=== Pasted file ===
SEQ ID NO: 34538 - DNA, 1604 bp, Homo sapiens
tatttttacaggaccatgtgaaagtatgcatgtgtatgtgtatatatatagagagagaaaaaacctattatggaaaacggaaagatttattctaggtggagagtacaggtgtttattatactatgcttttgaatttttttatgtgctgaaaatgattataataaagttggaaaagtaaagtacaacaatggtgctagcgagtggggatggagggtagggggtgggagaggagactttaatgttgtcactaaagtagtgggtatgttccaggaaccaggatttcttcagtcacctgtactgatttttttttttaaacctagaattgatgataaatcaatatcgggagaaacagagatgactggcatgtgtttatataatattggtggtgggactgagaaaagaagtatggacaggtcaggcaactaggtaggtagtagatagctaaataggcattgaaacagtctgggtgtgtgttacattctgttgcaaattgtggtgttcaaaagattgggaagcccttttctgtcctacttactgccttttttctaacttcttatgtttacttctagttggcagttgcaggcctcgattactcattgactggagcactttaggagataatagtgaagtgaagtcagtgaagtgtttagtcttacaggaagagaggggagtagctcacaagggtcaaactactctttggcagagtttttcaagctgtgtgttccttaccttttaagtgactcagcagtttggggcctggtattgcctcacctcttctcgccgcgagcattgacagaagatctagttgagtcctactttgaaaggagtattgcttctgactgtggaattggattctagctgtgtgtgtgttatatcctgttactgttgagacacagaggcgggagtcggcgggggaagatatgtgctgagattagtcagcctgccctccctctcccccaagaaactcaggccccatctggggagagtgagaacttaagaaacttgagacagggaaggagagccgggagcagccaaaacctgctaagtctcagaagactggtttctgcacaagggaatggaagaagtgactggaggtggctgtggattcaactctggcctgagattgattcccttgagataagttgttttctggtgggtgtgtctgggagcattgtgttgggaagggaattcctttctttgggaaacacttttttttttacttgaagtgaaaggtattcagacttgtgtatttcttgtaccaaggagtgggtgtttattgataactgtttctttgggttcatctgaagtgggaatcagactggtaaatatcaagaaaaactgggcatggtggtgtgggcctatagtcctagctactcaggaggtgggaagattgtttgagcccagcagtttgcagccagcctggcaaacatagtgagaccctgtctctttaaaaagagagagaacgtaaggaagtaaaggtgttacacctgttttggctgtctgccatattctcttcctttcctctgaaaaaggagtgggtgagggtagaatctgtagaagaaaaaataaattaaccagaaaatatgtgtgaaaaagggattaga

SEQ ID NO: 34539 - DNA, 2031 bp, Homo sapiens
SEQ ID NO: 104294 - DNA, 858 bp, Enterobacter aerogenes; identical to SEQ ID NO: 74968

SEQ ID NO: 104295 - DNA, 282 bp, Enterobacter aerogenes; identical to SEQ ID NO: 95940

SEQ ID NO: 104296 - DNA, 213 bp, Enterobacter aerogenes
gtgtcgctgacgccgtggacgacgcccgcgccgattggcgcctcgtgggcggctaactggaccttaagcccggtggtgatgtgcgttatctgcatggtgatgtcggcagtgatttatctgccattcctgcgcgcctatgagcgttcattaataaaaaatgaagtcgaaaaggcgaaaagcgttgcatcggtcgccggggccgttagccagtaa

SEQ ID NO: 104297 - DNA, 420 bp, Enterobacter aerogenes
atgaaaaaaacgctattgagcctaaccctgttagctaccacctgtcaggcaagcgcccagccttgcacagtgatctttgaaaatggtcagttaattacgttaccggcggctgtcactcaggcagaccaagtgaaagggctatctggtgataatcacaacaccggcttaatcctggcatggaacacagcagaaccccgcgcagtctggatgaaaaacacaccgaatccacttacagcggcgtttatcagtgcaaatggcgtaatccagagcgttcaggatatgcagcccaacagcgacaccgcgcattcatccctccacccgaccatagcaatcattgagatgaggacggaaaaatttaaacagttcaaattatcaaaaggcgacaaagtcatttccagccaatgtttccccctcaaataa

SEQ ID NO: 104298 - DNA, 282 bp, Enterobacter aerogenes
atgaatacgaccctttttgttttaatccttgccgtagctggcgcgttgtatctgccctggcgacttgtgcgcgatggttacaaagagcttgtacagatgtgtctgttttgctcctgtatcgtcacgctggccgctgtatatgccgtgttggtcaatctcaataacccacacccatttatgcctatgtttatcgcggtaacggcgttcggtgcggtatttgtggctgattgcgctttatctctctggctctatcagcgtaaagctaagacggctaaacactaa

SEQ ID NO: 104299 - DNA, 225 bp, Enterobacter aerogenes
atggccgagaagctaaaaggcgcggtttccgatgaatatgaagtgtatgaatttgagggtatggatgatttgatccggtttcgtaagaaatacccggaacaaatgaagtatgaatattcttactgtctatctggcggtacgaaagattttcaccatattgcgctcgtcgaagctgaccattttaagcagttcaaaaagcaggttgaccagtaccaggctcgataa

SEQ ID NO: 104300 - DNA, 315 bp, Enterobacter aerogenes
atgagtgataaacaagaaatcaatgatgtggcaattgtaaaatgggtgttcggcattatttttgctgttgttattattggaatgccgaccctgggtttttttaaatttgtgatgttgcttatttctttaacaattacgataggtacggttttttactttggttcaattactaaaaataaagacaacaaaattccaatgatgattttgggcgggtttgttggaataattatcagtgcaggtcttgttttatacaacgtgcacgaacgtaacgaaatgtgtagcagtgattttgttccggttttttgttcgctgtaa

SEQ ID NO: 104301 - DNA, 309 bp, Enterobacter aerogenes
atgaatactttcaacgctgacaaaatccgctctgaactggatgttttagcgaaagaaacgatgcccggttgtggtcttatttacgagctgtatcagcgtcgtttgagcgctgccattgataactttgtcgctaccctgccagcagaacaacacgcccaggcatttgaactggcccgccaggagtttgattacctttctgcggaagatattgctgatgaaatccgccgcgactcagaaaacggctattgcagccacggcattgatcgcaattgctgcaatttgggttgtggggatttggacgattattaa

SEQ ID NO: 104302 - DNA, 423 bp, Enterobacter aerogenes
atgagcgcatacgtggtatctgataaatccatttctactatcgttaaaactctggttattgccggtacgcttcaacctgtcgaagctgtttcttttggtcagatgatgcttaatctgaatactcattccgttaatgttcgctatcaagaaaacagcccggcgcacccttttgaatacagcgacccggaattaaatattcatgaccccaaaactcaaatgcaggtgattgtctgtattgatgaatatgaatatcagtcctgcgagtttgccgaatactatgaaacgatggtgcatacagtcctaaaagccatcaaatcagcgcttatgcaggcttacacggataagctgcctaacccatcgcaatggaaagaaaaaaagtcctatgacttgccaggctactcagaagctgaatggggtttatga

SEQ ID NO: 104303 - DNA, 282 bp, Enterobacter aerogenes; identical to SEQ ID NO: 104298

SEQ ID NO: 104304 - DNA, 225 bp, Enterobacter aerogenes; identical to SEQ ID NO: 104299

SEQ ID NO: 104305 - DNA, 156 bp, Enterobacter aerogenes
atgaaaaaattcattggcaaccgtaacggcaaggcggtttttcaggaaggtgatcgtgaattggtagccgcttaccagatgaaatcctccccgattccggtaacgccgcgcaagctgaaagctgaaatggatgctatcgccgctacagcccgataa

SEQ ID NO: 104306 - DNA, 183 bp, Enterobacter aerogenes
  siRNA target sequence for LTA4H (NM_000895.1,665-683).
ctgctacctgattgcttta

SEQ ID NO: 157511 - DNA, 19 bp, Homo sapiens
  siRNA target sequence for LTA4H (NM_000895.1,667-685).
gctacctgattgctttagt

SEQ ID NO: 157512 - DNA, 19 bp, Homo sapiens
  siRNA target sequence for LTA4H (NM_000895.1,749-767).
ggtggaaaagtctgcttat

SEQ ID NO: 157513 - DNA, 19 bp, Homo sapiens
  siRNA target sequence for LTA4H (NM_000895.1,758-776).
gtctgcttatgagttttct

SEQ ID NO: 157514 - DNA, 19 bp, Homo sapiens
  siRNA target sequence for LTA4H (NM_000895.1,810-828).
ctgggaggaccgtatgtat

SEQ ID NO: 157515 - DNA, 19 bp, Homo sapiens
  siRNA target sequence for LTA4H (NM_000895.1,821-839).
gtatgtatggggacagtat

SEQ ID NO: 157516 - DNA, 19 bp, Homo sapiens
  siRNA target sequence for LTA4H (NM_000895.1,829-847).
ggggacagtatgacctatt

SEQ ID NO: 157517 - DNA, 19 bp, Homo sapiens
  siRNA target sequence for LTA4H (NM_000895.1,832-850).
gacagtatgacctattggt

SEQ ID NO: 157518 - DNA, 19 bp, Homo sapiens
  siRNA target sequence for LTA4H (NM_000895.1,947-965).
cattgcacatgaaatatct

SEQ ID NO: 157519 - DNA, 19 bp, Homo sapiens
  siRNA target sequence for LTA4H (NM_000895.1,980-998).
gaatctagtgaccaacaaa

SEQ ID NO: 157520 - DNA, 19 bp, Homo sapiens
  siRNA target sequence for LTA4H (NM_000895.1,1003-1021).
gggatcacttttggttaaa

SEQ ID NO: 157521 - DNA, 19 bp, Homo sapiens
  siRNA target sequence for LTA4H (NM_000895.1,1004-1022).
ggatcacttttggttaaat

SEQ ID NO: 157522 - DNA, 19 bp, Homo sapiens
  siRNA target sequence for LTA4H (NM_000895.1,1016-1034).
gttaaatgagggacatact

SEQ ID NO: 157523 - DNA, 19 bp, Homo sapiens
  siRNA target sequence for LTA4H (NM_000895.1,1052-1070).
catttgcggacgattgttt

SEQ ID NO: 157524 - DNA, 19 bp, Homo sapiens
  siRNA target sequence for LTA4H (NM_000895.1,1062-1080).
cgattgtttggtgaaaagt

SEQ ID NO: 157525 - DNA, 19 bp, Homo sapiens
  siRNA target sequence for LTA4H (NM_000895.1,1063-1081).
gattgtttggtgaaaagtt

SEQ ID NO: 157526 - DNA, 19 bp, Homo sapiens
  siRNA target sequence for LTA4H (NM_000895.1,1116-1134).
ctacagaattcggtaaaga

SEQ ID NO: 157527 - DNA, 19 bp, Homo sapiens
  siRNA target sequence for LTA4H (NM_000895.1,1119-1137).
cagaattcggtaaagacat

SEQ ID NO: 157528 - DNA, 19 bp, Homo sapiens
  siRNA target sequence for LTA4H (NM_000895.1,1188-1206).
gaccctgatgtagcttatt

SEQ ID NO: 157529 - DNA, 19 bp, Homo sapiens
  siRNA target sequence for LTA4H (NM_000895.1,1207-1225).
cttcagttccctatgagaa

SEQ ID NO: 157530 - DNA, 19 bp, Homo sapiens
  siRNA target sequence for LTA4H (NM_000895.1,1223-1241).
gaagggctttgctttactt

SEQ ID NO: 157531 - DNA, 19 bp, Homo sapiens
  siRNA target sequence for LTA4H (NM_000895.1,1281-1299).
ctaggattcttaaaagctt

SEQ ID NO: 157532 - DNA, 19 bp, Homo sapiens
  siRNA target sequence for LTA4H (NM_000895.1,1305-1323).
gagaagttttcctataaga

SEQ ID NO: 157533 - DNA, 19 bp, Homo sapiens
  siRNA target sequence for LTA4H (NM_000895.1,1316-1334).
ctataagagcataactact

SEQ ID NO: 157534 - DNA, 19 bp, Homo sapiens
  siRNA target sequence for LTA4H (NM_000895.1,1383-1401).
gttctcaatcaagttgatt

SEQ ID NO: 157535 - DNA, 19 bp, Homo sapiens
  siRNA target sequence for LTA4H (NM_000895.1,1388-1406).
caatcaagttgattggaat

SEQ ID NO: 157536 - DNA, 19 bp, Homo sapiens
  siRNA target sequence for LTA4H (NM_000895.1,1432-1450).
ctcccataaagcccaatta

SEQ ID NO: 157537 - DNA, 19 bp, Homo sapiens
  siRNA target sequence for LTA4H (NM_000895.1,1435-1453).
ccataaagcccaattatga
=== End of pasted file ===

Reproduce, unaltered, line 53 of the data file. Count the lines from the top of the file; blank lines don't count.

gaatctagtgaccaacaaa